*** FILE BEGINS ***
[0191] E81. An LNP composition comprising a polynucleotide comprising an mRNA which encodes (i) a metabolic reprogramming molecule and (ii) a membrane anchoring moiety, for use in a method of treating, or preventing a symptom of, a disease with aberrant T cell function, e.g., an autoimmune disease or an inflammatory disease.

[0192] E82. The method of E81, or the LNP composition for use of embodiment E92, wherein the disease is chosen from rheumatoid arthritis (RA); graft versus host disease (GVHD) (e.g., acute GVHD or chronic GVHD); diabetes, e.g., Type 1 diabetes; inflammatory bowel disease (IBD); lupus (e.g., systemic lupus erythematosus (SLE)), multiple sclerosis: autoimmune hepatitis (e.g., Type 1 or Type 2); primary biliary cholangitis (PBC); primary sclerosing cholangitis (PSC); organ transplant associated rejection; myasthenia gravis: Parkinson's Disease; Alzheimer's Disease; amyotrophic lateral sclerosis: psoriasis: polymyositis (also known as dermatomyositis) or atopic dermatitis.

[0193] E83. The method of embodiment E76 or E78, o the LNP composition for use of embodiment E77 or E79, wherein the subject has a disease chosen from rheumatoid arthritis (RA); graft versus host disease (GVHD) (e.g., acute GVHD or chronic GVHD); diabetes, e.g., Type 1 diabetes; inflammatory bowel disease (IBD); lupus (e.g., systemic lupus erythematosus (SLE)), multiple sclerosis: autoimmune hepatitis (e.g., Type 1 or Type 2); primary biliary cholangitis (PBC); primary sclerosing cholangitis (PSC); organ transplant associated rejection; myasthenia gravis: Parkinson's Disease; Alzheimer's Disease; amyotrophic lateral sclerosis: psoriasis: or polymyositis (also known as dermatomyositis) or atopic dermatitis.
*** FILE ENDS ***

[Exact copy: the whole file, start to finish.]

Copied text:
[0191] E81. An LNP composition comprising a polynucleotide comprising an mRNA which encodes (i) a metabolic reprogramming molecule and (ii) a membrane anchoring moiety, for use in a method of treating, or preventing a symptom of, a disease with aberrant T cell function, e.g., an autoimmune disease or an inflammatory disease.

[0192] E82. The method of E81, or the LNP composition for use of embodiment E92, wherein the disease is chosen from rheumatoid arthritis (RA); graft versus host disease (GVHD) (e.g., acute GVHD or chronic GVHD); diabetes, e.g., Type 1 diabetes; inflammatory bowel disease (IBD); lupus (e.g., systemic lupus erythematosus (SLE)), multiple sclerosis: autoimmune hepatitis (e.g., Type 1 or Type 2); primary biliary cholangitis (PBC); primary sclerosing cholangitis (PSC); organ transplant associated rejection; myasthenia gravis: Parkinson's Disease; Alzheimer's Disease; amyotrophic lateral sclerosis: psoriasis: polymyositis (also known as dermatomyositis) or atopic dermatitis.

[0193] E83. The method of embodiment E76 or E78, o the LNP composition for use of embodiment E77 or E79, wherein the subject has a disease chosen from rheumatoid arthritis (RA); graft versus host disease (GVHD) (e.g., acute GVHD or chronic GVHD); diabetes, e.g., Type 1 diabetes; inflammatory bowel disease (IBD); lupus (e.g., systemic lupus erythematosus (SLE)), multiple sclerosis: autoimmune hepatitis (e.g., Type 1 or Type 2); primary biliary cholangitis (PBC); primary sclerosing cholangitis (PSC); organ transplant associated rejection; myasthenia gravis: Parkinson's Disease; Alzheimer's Disease; amyotrophic lateral sclerosis: psoriasis: or polymyositis (also known as dermatomyositis) or atopic dermatitis.